Of course, it should be made much easier for charities to merge. I fully accept that there are too many charities, but they are started with the best of intentions and I would not want to snuff that out. Eight thousand charities a year are started. The Charity Commission undertakes a massive enterprise in registering 8,000 new charities a year, as well as regulating the existing ones, but it should be made easier for charities to merge and to amend the terms under which they operate if circumstances change. It is not a failure to merge like- minded charities if various things change—although that is how it has been put across in the past—and that message has to be put out to both the trustees and the Charity Commission. I would like to see a Charity Commission whose members have hands-on, third sector experience. That is highly desirable, but it is a matter for the Government, not for the Charity Commission.

I want to make a final couple of points, one of which relates to recommendation 41. It will be incredibly difficult to ask charities to pay for the regulator. People will not want to donate to a charity in order to pay for the Charity Commission. The commission is a government department; it is not a quango. It is not a non-departmental public body and it is not an executive agency; it is a non-ministerial department exactly like HMRC and the Food Standards Agency. They are just departments that do not have a Minister mucking around and interfering day to day. In other words, they are quasi-independent; nevertheless, they are government departments. You are going to have a hell of a job asking the donor to pay for a government department. We went through all this when the FSA was set up in the late 1990s, so I think that that will be difficult.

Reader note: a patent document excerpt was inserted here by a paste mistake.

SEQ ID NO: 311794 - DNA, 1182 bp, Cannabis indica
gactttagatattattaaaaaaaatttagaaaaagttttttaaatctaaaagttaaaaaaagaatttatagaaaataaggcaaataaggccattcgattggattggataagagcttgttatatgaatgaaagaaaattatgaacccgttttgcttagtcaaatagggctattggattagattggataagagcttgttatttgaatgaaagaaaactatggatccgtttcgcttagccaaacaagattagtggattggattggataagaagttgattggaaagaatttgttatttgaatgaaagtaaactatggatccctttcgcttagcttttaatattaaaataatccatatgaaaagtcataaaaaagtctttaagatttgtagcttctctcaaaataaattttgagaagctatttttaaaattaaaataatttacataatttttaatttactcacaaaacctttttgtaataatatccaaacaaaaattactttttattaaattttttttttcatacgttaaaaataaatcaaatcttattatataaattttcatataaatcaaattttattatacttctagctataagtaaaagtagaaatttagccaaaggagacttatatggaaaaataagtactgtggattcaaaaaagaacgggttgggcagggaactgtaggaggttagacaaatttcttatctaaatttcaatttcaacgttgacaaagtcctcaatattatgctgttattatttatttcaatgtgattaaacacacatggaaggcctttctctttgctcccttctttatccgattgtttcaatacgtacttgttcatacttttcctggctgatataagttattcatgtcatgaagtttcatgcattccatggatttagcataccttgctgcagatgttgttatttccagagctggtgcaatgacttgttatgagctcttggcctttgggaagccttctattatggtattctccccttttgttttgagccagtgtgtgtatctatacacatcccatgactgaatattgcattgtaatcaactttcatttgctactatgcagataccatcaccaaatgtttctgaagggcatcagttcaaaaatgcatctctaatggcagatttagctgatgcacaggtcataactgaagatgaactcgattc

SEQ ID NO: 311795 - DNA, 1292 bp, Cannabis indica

On the other hand, a very small minority of charities pay their chief executives enormous six-figure salaries, and I do not see a backlash from the donors. So there is an issue there. It would seem that some donors are quite happy about that because you do not see a backlash. In the past, I have raised the question of charities owning trading companies which pay their chief executives over £1 million.

Finally, this is something that we did not spend a lot of time on, but we raised the issue of trustee membership. That can be a problem. I know of one trustee just entering their fifth decade of trusteeship. One might say, “Oh, they’re elected every four years, so all that is looked at”, but there has to be a time when the founder trustees are told, “You’re in the way of change and fresh blood coming in”, although we did not quite put it like that in our report.

I think that it is a really useful report, notwithstanding the Government’s lukewarm response to the recommendations. It takes a long time to write a short report, and that is one of the problems. However, the response needs watching and following up. I know that the idea of ad hoc committees is that they are set up, they report and that is it. But we have not had that many of them—they have been in place for less than three or four years—and there will come a time when the House ought to say, “Hang on, let’s have a look at the outcomes of the ad hoc committees we have set up”. They are specific and special, and different from all the others, and we need to see whether they do what it says on the tin.